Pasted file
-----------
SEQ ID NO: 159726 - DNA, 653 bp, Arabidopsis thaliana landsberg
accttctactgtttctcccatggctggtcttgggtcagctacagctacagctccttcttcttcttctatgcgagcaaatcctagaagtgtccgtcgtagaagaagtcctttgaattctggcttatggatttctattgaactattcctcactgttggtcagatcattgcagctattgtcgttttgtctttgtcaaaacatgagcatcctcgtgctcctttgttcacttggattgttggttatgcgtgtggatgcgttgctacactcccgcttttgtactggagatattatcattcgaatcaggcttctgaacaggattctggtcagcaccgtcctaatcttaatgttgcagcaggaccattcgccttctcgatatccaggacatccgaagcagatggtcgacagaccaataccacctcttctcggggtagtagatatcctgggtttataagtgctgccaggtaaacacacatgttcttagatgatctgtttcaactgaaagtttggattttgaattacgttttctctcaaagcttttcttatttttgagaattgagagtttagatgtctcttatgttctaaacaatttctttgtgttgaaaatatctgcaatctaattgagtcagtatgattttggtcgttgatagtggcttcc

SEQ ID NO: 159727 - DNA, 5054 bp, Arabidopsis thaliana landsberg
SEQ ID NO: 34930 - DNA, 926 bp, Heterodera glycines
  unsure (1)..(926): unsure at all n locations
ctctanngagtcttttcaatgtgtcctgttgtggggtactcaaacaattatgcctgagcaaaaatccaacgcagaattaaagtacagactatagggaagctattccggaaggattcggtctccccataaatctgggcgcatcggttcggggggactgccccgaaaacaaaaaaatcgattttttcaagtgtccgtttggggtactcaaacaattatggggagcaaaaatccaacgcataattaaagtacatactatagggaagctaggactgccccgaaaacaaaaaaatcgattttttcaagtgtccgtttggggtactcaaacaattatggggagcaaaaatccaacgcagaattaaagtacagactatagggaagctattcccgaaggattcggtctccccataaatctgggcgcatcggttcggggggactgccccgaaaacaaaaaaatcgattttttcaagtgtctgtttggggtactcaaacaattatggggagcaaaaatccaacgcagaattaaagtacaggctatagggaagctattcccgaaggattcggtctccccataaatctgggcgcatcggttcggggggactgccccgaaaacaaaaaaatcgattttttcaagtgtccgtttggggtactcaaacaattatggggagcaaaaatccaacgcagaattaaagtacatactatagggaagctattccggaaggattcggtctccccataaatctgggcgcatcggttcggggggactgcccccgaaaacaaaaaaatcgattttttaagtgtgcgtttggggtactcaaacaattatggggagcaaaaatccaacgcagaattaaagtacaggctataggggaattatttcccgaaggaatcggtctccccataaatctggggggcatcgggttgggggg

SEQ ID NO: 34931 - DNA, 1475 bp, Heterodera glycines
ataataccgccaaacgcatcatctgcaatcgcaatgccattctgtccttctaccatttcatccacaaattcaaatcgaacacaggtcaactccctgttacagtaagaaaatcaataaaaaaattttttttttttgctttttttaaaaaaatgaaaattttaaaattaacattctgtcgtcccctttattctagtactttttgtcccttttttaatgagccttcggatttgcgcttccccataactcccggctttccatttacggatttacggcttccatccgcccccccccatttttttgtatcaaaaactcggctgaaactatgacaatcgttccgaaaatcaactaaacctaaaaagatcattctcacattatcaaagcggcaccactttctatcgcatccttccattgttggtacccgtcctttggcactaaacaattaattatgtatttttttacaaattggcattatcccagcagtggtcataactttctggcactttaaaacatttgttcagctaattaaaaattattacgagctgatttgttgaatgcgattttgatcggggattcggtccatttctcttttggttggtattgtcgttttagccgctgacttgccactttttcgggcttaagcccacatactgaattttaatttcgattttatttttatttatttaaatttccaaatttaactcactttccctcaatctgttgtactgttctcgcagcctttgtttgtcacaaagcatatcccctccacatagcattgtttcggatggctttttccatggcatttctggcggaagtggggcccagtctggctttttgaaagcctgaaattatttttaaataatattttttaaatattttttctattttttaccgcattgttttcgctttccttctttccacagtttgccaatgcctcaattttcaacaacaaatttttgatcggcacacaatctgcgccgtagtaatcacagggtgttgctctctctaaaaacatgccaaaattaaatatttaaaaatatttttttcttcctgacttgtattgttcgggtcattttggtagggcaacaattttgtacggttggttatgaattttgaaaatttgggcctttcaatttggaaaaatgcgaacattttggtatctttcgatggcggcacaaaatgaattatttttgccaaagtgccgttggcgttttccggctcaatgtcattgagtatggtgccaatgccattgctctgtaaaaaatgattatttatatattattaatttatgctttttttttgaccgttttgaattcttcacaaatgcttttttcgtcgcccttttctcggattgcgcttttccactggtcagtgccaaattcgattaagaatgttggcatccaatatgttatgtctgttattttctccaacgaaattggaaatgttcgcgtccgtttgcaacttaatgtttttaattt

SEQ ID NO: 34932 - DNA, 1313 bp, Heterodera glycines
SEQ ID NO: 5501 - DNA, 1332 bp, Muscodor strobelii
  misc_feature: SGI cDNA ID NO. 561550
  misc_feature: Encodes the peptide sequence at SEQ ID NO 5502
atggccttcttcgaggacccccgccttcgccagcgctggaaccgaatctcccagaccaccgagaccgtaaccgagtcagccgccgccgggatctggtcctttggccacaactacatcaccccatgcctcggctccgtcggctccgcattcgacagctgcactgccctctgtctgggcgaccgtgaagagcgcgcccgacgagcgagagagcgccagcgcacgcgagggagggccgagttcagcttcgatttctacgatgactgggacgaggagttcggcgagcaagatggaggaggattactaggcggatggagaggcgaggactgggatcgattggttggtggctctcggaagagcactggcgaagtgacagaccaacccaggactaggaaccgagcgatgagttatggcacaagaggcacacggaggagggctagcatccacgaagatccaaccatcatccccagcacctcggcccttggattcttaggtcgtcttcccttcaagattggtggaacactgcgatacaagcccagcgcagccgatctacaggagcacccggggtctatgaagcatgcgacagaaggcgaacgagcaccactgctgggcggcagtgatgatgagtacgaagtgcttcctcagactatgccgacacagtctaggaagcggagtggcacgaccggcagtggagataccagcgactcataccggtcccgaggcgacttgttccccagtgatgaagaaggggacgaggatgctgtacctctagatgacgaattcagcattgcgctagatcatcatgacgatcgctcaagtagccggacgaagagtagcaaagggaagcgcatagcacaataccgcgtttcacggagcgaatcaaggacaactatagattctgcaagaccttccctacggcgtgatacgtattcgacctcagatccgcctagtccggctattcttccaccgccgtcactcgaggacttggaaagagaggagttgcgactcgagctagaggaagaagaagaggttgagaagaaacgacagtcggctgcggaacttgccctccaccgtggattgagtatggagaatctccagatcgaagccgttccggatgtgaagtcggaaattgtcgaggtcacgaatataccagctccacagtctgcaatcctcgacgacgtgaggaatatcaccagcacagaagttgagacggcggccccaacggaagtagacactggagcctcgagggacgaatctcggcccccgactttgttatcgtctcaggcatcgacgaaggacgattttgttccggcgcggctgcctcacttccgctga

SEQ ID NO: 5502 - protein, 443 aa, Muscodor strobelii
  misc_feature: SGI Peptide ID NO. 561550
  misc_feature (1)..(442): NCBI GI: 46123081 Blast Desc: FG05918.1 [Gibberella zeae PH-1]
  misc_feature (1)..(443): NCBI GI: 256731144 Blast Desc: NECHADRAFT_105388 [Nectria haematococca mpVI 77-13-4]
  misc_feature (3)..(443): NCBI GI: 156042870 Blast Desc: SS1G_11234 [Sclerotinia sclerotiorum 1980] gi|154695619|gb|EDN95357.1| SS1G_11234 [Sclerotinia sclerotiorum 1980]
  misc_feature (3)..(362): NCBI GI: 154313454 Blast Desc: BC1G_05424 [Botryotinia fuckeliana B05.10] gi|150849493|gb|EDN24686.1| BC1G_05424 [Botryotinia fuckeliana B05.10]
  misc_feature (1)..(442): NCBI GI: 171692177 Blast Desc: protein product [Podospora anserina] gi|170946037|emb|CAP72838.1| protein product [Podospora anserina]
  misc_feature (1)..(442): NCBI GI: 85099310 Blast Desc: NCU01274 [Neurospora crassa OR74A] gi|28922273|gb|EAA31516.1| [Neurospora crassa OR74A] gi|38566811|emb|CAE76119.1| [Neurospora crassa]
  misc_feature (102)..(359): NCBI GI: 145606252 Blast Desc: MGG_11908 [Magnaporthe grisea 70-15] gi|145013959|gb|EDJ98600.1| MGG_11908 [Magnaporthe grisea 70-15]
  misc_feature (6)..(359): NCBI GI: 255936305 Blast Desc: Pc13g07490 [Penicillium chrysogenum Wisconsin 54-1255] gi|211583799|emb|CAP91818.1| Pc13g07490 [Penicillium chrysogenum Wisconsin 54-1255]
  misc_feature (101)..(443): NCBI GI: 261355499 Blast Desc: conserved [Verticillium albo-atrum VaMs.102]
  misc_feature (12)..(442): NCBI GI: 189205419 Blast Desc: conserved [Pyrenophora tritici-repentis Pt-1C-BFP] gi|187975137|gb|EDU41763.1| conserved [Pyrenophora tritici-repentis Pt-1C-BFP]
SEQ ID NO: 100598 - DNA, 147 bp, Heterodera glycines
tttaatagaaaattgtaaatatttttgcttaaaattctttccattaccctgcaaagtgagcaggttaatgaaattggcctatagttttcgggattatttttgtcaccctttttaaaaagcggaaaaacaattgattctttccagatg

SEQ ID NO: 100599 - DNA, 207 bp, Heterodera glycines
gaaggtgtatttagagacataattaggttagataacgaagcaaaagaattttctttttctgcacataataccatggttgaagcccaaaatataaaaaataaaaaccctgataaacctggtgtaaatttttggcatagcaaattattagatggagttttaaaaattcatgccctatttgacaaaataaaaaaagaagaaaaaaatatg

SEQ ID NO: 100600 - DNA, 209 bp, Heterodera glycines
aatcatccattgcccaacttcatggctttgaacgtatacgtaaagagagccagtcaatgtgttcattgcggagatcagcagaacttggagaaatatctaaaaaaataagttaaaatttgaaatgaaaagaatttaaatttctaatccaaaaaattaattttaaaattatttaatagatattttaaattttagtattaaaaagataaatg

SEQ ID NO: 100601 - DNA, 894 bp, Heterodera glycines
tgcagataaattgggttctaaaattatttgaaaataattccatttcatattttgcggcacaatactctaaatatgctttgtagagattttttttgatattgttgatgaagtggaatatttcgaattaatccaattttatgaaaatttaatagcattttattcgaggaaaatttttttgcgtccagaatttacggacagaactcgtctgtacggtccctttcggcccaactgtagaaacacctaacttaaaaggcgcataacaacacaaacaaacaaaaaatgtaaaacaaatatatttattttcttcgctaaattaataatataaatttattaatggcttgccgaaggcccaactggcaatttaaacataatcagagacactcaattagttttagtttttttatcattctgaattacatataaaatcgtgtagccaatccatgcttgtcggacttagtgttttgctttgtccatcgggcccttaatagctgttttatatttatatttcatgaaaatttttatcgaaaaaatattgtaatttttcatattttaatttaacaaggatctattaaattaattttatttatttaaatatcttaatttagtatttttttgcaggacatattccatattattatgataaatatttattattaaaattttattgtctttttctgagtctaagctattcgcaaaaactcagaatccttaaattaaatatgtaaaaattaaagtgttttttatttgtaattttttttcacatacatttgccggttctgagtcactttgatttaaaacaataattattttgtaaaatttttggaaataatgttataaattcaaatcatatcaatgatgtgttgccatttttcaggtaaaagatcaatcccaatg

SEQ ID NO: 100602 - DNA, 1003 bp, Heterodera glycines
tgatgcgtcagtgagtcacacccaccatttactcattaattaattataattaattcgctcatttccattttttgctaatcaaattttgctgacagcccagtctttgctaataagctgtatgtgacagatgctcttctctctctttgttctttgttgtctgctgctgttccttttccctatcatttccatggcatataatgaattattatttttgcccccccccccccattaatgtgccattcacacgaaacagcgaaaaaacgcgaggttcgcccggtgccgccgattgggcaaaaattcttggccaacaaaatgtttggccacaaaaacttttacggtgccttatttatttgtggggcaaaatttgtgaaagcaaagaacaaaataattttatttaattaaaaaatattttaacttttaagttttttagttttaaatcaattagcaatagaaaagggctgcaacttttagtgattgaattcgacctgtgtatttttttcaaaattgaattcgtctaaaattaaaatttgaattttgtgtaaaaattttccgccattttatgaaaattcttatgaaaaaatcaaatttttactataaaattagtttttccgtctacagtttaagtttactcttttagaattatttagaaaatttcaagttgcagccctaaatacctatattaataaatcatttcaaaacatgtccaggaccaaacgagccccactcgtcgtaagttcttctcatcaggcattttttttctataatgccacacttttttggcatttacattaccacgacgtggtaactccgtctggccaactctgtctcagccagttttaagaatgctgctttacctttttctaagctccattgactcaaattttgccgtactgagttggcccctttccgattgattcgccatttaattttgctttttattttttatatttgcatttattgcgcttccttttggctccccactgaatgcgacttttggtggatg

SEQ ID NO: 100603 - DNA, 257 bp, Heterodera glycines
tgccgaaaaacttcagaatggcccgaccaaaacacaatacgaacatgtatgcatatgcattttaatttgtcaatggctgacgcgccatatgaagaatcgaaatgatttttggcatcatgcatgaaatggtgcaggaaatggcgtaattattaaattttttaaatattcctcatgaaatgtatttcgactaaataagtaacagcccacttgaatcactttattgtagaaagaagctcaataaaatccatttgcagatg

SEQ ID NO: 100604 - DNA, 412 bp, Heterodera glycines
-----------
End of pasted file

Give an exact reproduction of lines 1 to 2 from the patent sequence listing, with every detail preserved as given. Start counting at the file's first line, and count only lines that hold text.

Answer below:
SEQ ID NO: 159726 - DNA, 653 bp, Arabidopsis thaliana landsberg
accttctactgtttctcccatggctggtcttgggtcagctacagctacagctccttcttcttcttctatgcgagcaaatcctagaagtgtccgtcgtagaagaagtcctttgaattctggcttatggatttctattgaactattcctcactgttggtcagatcattgcagctattgtcgttttgtctttgtcaaaacatgagcatcctcgtgctcctttgttcacttggattgttggttatgcgtgtggatgcgttgctacactcccgcttttgtactggagatattatcattcgaatcaggcttctgaacaggattctggtcagcaccgtcctaatcttaatgttgcagcaggaccattcgccttctcgatatccaggacatccgaagcagatggtcgacagaccaataccacctcttctcggggtagtagatatcctgggtttataagtgctgccaggtaaacacacatgttcttagatgatctgtttcaactgaaagtttggattttgaattacgttttctctcaaagcttttcttatttttgagaattgagagtttagatgtctcttatgttctaaacaatttctttgtgttgaaaatatctgcaatctaattgagtcagtatgattttggtcgttgatagtggcttcc